MONTH IN BIKES
Love-it-or-loathe it 1980s-style bike returns for 2019
You want to see next year’s motorcycles now? Well, that’s jolly convenient...
STRUGGLING SUZUKI HAVE PULLED one further knuckle of their rectum-embedded finger out, and transformed the ‘what’s the point’ GSX-S1000 in a modern retro remake of the Katana.
It’s actually quite an authentic approach: the original was nothing more than funky bodywork on a rehash of an engine and chassis they’d had for a while, and the new one is the same. Italian designer Rodolfo Frascoli created the concept for Milan’s EICMA show last year, and it went down so well that Suzuki have made a proper production version in double-quick time. Not that they had too much to do: Frascoli merely stripped a production GSX-S1000 to provide a vessel for his vision, and Suzuki haven’t gone to a great deal more effort.
What that means is around 150bhp at the rear tyre from the GSX-R1000 K7-derived motor, in a chassis that handles it well, broadly speaking. Radial brakes, a braced swingarm and fully-adjustable forks give no cause for complaint, though the miserable preload/rebound-adjustable nonreservoir shock is unlikely to be any better than the underdamped and short-lived item found lurking in the GSX-S, given that they haven’t changed it.
What’s good about the bike benefitting from zero technical changes (besides those made for the new bodywork – subframes, brackets and so on) is that it shouldn’t hike the Katana’s price up by any meaningful amount, because beneath the sharper body, it’s essentially a three-year-old bike. And one that already heavily raided Suzuki’s parts bin from the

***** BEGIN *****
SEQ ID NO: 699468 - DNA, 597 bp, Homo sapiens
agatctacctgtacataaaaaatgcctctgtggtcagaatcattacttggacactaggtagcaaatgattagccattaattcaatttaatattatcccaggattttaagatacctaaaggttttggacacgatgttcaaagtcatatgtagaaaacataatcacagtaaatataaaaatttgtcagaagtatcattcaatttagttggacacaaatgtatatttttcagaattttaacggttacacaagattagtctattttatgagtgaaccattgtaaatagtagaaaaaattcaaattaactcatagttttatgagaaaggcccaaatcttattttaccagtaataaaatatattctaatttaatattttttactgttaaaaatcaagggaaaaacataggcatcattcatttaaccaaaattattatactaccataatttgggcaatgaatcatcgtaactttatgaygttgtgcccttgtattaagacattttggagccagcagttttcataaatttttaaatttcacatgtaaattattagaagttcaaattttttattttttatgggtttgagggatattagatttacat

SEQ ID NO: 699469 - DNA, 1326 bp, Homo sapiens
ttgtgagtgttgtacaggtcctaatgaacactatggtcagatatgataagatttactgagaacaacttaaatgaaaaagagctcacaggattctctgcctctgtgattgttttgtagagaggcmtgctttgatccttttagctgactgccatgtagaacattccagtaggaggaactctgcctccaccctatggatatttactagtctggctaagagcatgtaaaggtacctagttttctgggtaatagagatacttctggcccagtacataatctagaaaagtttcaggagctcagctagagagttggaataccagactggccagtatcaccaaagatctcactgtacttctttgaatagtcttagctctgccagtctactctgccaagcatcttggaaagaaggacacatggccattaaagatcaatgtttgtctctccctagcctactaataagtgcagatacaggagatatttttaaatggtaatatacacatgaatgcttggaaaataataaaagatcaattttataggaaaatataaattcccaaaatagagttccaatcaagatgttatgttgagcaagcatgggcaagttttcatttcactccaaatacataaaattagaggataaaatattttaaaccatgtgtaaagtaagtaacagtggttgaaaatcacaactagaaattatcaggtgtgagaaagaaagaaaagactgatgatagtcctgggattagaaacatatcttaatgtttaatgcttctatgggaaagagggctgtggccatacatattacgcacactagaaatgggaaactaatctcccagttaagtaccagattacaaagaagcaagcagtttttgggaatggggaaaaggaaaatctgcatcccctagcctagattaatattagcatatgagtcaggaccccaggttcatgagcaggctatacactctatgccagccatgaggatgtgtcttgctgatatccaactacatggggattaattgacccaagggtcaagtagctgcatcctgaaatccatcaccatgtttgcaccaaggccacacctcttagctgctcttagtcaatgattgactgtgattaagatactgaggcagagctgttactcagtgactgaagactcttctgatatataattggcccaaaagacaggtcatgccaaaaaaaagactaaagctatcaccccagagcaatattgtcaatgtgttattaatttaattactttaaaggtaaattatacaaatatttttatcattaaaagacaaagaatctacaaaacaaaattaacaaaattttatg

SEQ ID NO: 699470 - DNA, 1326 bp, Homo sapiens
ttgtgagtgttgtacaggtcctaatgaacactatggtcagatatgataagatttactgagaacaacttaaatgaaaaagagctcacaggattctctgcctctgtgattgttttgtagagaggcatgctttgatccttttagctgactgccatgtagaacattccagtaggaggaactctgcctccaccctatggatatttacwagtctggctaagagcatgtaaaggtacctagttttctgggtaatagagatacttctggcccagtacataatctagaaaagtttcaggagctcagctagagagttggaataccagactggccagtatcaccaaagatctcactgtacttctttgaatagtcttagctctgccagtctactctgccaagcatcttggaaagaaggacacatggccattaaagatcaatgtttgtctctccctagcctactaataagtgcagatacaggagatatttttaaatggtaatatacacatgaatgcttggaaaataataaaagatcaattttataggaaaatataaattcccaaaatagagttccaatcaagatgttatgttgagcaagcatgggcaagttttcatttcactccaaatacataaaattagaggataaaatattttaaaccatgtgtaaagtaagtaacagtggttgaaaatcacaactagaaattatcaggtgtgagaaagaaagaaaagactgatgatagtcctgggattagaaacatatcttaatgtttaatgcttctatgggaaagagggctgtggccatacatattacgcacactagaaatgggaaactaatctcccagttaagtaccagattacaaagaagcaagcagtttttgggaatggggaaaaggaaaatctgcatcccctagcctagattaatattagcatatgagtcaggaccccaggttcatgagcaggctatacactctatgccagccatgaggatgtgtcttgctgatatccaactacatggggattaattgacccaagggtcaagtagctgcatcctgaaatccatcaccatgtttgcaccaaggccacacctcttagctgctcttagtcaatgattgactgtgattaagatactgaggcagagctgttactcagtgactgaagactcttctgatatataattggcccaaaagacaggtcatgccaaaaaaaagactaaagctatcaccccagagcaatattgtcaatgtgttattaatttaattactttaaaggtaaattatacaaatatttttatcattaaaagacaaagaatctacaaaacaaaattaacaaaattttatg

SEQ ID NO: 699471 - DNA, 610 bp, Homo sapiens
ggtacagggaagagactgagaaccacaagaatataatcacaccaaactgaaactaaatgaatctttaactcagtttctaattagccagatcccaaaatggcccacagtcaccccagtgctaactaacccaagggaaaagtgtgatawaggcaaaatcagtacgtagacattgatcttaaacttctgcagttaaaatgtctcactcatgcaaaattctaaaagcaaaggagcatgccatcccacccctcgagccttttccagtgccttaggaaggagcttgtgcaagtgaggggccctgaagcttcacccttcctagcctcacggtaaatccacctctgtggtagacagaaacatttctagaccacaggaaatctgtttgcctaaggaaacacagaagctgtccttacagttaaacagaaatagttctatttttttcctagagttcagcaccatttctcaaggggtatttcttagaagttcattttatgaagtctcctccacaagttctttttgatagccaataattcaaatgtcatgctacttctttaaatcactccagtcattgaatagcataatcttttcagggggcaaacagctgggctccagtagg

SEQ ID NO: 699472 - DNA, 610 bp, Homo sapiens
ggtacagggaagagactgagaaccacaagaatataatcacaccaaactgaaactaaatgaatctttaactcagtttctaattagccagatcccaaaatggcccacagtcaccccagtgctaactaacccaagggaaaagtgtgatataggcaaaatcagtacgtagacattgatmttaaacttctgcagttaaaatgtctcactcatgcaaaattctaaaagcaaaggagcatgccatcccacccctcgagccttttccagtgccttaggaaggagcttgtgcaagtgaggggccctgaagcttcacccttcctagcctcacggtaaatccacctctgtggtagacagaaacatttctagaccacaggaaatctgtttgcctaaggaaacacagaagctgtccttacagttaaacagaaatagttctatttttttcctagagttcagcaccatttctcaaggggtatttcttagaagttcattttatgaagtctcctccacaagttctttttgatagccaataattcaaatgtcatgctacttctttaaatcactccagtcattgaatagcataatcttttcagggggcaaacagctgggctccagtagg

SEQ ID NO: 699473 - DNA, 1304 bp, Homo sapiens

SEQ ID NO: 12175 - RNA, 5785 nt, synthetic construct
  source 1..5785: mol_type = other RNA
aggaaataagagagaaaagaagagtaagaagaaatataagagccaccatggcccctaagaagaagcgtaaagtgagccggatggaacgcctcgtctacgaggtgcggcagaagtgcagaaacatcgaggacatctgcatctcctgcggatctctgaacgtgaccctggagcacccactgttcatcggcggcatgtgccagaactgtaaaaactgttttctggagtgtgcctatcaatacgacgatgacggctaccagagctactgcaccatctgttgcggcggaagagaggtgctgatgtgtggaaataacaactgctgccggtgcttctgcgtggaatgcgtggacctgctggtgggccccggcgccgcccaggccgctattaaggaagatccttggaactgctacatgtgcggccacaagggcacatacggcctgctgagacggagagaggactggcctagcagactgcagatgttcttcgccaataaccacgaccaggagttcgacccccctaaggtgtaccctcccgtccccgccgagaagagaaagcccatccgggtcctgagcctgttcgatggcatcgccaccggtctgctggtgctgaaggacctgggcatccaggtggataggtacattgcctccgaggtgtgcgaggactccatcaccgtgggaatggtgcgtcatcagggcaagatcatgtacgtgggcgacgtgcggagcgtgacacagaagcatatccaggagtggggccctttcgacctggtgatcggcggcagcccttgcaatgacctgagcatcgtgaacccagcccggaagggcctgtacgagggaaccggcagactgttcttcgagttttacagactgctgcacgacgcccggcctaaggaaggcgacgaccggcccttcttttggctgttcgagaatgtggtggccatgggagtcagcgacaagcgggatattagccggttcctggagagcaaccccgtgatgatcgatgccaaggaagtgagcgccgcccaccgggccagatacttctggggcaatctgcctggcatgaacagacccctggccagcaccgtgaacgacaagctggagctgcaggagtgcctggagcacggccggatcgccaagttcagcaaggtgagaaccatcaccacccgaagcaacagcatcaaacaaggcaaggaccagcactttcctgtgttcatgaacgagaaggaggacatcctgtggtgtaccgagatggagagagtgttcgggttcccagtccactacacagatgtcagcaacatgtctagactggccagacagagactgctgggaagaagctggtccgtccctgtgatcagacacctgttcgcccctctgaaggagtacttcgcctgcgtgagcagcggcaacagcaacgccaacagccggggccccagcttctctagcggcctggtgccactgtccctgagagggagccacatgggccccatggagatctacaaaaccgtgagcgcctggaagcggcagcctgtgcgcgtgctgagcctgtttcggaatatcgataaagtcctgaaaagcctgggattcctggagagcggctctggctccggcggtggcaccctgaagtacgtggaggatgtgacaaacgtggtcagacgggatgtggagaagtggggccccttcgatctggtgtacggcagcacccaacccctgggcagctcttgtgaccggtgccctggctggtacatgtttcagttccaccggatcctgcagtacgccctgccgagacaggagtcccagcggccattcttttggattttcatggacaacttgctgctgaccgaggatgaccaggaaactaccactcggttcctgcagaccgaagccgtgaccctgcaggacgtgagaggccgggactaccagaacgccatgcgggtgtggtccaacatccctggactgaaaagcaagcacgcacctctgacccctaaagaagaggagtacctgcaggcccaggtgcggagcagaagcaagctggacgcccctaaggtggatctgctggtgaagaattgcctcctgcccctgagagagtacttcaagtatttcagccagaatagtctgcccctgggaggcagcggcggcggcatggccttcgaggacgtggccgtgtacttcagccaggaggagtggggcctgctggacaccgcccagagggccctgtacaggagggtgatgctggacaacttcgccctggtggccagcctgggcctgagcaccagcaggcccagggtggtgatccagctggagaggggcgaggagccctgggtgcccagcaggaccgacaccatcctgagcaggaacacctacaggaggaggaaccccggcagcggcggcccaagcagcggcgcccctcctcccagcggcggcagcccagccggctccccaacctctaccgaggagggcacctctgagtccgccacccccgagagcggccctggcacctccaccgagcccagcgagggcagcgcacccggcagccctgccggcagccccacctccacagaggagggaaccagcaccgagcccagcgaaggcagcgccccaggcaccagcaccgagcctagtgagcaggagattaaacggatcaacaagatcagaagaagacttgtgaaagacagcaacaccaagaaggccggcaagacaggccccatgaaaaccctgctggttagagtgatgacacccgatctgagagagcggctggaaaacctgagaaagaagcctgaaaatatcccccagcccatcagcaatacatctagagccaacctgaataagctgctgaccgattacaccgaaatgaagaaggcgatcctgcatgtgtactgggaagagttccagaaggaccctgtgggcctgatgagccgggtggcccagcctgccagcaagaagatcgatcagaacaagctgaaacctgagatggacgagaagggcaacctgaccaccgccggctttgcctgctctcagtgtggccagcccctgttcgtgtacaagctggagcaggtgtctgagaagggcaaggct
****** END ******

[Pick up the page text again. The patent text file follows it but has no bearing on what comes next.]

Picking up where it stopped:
‘PB reckons a price around £10k seems likely; about the same as a Kawasaki Z900RS’
‘Expect around 150bhp in a chassis that handles it well, broadly speaking’
preceding decade back when it was launched in 2015.
The GSX-S has always performed well enough, but the faired version was firstly pretty damned ugly, and secondly not versatile enough to be the all-rounder it appeared to be. The naked version didn’t really cut it in the hugely competitive supernaked market, either.
The Katana should fair better: PB reckons a price around £10,000 seems likely, which is about the same outlay as the slower, lower-spec Z900RS Café (see page 63 for our test), and much less than most other retros, whilst crucially still offering proper specification.
There’s a lot to like about the styling. Suspension mods will add massive potential
Switchgear is almost as old as the original Katana Detuned GSX-R motor in Eighties clothing. We’ll have some of that